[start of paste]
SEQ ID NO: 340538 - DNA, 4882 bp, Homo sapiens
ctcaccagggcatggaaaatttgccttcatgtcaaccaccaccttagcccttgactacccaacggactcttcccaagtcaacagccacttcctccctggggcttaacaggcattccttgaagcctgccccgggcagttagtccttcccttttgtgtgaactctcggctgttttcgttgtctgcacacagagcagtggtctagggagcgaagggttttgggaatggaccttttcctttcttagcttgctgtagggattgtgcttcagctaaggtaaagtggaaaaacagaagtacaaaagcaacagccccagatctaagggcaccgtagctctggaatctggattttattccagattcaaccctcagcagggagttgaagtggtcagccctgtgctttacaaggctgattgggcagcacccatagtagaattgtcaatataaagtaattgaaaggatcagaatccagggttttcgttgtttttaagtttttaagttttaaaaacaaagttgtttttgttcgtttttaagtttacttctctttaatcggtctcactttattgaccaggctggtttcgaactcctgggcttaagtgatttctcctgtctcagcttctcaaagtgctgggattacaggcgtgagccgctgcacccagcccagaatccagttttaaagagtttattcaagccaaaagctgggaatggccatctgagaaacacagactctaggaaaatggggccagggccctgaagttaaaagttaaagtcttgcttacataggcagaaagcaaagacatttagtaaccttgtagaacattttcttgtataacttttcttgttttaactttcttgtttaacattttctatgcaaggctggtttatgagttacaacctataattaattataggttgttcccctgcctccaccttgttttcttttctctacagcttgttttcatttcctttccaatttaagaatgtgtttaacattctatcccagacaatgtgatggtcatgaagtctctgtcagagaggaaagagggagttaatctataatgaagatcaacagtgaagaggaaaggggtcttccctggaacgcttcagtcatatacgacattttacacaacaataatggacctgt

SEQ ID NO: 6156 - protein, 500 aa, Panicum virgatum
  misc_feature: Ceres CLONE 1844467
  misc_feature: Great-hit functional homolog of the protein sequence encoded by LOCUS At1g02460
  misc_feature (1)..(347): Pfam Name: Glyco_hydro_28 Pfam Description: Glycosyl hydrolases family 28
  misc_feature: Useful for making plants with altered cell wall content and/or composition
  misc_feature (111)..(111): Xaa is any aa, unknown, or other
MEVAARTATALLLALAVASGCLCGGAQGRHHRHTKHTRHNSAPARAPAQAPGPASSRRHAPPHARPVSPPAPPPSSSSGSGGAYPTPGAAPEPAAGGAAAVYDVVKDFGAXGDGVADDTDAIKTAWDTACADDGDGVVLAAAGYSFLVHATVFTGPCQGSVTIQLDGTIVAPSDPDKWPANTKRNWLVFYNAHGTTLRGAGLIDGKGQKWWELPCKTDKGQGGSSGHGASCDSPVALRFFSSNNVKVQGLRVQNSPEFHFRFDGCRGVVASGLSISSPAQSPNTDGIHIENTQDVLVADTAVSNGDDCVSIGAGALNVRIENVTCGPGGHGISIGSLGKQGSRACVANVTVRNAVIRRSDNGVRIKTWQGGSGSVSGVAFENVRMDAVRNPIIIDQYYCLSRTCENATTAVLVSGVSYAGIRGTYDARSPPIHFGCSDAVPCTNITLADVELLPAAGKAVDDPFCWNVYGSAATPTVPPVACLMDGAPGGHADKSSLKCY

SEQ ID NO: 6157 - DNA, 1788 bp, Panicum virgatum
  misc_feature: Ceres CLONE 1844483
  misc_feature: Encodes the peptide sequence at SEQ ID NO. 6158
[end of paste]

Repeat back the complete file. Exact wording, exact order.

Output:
SEQ ID NO: 340538 - DNA, 4882 bp, Homo sapiens
ctcaccagggcatggaaaatttgccttcatgtcaaccaccaccttagcccttgactacccaacggactcttcccaagtcaacagccacttcctccctggggcttaacaggcattccttgaagcctgccccgggcagttagtccttcccttttgtgtgaactctcggctgttttcgttgtctgcacacagagcagtggtctagggagcgaagggttttgggaatggaccttttcctttcttagcttgctgtagggattgtgcttcagctaaggtaaagtggaaaaacagaagtacaaaagcaacagccccagatctaagggcaccgtagctctggaatctggattttattccagattcaaccctcagcagggagttgaagtggtcagccctgtgctttacaaggctgattgggcagcacccatagtagaattgtcaatataaagtaattgaaaggatcagaatccagggttttcgttgtttttaagtttttaagttttaaaaacaaagttgtttttgttcgtttttaagtttacttctctttaatcggtctcactttattgaccaggctggtttcgaactcctgggcttaagtgatttctcctgtctcagcttctcaaagtgctgggattacaggcgtgagccgctgcacccagcccagaatccagttttaaagagtttattcaagccaaaagctgggaatggccatctgagaaacacagactctaggaaaatggggccagggccctgaagttaaaagttaaagtcttgcttacataggcagaaagcaaagacatttagtaaccttgtagaacattttcttgtataacttttcttgttttaactttcttgtttaacattttctatgcaaggctggtttatgagttacaacctataattaattataggttgttcccctgcctccaccttgttttcttttctctacagcttgttttcatttcctttccaatttaagaatgtgtttaacattctatcccagacaatgtgatggtcatgaagtctctgtcagagaggaaagagggagttaatctataatgaagatcaacagtgaagaggaaaggggtcttccctggaacgcttcagtcatatacgacattttacacaacaataatggacctgt

SEQ ID NO: 6156 - protein, 500 aa, Panicum virgatum
  misc_feature: Ceres CLONE 1844467
  misc_feature: Great-hit functional homolog of the protein sequence encoded by LOCUS At1g02460
  misc_feature (1)..(347): Pfam Name: Glyco_hydro_28 Pfam Description: Glycosyl hydrolases family 28
  misc_feature: Useful for making plants with altered cell wall content and/or composition
  misc_feature (111)..(111): Xaa is any aa, unknown, or other
MEVAARTATALLLALAVASGCLCGGAQGRHHRHTKHTRHNSAPARAPAQAPGPASSRRHAPPHARPVSPPAPPPSSSSGSGGAYPTPGAAPEPAAGGAAAVYDVVKDFGAXGDGVADDTDAIKTAWDTACADDGDGVVLAAAGYSFLVHATVFTGPCQGSVTIQLDGTIVAPSDPDKWPANTKRNWLVFYNAHGTTLRGAGLIDGKGQKWWELPCKTDKGQGGSSGHGASCDSPVALRFFSSNNVKVQGLRVQNSPEFHFRFDGCRGVVASGLSISSPAQSPNTDGIHIENTQDVLVADTAVSNGDDCVSIGAGALNVRIENVTCGPGGHGISIGSLGKQGSRACVANVTVRNAVIRRSDNGVRIKTWQGGSGSVSGVAFENVRMDAVRNPIIIDQYYCLSRTCENATTAVLVSGVSYAGIRGTYDARSPPIHFGCSDAVPCTNITLADVELLPAAGKAVDDPFCWNVYGSAATPTVPPVACLMDGAPGGHADKSSLKCY

SEQ ID NO: 6157 - DNA, 1788 bp, Panicum virgatum
  misc_feature: Ceres CLONE 1844483
  misc_feature: Encodes the peptide sequence at SEQ ID NO. 6158